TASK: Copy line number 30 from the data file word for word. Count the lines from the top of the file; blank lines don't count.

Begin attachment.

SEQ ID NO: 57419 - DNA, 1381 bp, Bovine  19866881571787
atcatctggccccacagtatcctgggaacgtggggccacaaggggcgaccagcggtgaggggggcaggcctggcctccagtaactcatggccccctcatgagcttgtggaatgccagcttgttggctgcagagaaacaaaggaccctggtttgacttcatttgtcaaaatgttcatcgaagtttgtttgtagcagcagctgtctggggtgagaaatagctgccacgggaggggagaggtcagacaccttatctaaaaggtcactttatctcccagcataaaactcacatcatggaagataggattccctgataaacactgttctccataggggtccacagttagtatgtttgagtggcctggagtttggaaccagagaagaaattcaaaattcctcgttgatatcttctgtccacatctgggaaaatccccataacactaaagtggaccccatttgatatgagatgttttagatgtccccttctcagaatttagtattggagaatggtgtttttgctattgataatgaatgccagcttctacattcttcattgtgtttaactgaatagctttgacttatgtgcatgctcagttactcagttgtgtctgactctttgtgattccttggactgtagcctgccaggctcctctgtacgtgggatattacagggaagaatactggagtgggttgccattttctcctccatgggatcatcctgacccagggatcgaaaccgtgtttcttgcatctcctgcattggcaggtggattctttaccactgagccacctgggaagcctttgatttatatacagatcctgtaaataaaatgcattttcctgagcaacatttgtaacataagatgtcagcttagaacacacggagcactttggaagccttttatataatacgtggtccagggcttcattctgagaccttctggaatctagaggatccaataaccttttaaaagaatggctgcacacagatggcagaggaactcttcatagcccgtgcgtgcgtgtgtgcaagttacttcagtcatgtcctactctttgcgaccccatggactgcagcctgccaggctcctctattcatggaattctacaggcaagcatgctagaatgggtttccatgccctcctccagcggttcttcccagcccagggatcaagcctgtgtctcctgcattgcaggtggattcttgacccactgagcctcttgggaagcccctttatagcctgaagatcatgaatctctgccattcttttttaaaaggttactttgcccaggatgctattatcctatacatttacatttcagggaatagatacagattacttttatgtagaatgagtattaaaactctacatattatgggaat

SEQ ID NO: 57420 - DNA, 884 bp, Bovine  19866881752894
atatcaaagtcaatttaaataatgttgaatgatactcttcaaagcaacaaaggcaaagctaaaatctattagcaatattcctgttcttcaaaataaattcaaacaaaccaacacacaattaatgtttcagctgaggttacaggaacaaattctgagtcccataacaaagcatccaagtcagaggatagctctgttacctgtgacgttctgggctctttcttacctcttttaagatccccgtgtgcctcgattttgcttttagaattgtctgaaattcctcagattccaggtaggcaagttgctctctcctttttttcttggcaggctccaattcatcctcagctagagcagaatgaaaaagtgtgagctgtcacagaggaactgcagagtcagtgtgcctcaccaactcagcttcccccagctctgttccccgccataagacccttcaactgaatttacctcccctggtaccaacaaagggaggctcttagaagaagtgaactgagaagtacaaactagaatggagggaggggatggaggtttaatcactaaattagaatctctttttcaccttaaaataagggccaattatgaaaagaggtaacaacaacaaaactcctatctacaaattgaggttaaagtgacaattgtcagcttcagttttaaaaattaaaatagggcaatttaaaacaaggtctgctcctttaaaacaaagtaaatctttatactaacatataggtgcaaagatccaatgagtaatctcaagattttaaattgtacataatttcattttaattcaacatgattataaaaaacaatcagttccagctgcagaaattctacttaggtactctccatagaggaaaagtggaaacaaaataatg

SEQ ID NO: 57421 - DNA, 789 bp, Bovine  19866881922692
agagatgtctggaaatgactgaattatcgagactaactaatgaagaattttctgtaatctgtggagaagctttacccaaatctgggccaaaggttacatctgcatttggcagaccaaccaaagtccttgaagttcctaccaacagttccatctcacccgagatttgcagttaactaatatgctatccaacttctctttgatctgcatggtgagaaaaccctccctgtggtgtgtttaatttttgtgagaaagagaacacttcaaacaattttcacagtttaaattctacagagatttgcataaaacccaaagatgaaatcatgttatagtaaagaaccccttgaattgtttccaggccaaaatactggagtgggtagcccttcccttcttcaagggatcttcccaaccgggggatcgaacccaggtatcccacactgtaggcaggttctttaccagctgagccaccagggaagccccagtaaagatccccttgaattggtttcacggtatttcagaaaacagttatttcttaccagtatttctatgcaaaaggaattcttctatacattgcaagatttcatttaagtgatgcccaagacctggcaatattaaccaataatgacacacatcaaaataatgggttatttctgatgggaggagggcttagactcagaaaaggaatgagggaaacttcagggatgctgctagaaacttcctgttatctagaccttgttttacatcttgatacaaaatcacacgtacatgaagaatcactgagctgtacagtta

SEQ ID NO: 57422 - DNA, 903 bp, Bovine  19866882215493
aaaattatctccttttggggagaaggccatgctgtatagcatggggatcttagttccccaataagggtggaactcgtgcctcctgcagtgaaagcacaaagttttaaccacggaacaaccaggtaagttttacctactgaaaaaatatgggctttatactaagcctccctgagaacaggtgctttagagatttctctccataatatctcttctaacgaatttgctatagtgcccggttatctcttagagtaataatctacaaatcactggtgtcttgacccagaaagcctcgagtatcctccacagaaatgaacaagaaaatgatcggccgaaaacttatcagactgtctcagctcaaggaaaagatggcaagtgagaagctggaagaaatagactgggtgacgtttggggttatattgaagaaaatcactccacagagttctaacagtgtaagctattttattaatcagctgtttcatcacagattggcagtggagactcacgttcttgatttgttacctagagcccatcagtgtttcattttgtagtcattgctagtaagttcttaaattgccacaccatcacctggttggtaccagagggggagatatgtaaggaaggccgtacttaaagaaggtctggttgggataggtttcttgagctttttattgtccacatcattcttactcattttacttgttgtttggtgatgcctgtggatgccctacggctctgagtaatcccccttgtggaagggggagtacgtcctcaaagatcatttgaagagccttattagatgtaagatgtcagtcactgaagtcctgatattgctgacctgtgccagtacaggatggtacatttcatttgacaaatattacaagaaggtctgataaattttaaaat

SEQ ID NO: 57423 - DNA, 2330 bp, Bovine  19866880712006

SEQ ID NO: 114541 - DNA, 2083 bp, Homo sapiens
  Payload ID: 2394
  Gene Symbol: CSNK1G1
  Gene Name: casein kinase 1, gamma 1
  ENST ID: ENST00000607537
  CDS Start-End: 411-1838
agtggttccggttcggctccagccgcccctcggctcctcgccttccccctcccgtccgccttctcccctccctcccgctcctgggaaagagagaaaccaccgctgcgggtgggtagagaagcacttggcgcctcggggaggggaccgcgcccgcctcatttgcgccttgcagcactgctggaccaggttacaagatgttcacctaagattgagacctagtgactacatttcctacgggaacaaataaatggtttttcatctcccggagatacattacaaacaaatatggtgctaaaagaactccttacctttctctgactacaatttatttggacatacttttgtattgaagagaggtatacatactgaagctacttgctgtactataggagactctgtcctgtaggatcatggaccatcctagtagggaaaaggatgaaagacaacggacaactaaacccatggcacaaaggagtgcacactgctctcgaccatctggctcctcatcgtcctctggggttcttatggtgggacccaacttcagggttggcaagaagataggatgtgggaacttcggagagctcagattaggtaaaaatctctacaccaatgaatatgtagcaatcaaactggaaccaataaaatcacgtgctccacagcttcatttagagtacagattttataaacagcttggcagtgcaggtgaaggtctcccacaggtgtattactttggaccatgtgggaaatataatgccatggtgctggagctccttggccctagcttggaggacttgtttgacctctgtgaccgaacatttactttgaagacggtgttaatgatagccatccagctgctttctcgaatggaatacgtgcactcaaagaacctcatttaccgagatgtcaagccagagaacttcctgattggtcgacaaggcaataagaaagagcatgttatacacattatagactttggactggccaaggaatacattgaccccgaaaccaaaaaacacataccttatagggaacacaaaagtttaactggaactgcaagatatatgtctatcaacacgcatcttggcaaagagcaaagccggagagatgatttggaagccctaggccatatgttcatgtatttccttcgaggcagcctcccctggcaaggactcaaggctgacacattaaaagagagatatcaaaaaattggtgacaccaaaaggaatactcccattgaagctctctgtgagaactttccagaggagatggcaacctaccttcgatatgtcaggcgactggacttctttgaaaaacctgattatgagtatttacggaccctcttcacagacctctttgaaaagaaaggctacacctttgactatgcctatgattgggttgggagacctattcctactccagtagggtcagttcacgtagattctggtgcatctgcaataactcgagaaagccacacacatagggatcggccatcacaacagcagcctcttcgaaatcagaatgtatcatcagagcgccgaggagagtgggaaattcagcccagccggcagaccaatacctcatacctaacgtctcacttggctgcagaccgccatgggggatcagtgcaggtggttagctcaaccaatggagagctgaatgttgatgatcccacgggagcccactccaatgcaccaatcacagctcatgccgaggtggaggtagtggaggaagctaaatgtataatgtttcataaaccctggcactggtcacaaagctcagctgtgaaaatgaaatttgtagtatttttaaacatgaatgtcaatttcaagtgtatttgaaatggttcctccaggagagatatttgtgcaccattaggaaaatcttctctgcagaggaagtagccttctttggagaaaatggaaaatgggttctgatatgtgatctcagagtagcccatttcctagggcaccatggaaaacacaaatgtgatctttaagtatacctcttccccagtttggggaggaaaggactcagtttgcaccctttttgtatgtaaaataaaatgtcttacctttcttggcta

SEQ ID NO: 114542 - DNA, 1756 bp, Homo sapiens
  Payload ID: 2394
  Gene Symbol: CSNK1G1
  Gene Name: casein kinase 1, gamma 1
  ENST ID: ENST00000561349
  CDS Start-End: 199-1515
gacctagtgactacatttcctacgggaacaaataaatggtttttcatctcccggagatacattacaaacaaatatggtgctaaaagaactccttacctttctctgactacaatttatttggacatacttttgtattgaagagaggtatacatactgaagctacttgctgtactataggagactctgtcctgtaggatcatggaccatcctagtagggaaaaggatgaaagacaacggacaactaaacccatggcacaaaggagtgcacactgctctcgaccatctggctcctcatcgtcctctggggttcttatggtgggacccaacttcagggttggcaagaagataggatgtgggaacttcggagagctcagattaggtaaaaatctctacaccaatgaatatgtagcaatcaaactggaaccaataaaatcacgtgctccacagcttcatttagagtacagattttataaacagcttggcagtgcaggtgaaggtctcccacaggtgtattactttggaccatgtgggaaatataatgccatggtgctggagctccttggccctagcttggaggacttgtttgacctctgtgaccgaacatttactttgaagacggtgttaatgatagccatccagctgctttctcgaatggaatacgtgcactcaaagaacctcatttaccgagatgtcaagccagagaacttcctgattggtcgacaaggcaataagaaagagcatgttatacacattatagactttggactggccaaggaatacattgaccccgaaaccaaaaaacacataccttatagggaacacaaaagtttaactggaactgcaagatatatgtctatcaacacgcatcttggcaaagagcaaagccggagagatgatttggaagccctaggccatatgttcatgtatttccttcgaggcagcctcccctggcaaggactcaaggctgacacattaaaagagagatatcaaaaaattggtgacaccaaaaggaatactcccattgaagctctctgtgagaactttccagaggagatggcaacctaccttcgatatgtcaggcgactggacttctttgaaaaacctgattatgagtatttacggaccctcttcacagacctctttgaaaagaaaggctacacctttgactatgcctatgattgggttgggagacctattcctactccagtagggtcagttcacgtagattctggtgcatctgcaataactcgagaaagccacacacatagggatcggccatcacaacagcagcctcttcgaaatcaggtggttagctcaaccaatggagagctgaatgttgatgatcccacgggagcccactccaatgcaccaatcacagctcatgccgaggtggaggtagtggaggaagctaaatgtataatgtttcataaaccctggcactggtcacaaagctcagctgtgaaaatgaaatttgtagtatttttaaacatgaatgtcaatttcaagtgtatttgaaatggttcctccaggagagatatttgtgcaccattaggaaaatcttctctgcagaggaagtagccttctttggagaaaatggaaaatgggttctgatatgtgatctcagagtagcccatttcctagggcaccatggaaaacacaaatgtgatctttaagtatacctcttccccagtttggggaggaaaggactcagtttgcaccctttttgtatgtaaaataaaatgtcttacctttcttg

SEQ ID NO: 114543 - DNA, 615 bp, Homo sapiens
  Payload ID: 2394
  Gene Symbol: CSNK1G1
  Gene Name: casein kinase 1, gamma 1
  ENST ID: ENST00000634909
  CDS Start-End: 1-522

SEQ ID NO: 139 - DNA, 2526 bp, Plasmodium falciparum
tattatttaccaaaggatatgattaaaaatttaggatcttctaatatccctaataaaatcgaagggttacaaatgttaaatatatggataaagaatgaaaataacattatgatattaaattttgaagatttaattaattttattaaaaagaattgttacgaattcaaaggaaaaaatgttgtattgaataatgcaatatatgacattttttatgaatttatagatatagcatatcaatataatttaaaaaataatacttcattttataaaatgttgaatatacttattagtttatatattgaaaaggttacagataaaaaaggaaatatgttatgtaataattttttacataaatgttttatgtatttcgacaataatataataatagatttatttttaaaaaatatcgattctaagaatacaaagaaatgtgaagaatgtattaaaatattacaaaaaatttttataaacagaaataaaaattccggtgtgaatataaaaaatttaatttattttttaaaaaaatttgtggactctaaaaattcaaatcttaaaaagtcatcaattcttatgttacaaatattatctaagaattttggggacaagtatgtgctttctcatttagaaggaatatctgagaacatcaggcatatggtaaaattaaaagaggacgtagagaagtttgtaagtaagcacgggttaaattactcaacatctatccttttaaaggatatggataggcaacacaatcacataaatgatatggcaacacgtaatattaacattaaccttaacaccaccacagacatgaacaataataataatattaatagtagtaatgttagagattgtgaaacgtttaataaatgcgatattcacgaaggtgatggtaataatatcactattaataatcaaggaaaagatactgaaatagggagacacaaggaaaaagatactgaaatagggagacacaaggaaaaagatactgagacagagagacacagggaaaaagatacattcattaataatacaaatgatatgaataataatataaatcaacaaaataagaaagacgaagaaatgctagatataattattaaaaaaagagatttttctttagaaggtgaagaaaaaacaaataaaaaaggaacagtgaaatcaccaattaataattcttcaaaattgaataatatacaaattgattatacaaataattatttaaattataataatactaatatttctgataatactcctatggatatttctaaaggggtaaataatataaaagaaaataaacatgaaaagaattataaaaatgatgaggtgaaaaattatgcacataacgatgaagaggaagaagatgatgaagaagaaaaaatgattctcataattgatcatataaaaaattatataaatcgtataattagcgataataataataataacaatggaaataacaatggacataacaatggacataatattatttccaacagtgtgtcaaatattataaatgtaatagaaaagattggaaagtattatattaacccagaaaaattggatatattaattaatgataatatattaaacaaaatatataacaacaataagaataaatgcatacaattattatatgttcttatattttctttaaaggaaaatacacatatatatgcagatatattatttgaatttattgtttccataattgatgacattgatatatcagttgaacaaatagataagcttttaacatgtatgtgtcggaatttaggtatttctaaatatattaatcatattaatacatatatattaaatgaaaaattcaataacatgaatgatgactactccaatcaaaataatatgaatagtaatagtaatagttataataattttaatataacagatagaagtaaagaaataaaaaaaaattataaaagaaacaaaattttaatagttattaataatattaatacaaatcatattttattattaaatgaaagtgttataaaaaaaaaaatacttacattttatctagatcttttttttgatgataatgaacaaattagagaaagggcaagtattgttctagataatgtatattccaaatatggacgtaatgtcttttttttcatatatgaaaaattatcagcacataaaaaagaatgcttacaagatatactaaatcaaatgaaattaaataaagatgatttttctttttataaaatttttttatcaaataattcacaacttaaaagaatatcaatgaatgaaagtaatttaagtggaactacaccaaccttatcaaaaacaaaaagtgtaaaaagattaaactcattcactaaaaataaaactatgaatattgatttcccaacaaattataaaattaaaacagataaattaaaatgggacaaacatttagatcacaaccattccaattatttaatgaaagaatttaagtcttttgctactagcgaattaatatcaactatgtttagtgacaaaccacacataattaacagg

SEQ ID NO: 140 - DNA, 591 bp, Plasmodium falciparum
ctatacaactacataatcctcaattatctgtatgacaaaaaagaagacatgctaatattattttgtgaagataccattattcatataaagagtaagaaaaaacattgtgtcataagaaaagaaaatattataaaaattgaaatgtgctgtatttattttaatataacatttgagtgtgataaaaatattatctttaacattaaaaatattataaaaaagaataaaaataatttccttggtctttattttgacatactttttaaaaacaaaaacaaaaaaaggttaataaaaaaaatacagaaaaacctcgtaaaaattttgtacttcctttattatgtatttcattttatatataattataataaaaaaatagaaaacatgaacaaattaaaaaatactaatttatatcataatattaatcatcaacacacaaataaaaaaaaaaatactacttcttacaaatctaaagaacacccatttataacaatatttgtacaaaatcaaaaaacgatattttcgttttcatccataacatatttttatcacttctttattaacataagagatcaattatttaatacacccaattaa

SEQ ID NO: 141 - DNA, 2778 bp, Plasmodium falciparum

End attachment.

SEQ ID NO: 139 - DNA, 2526 bp, Plasmodium falciparum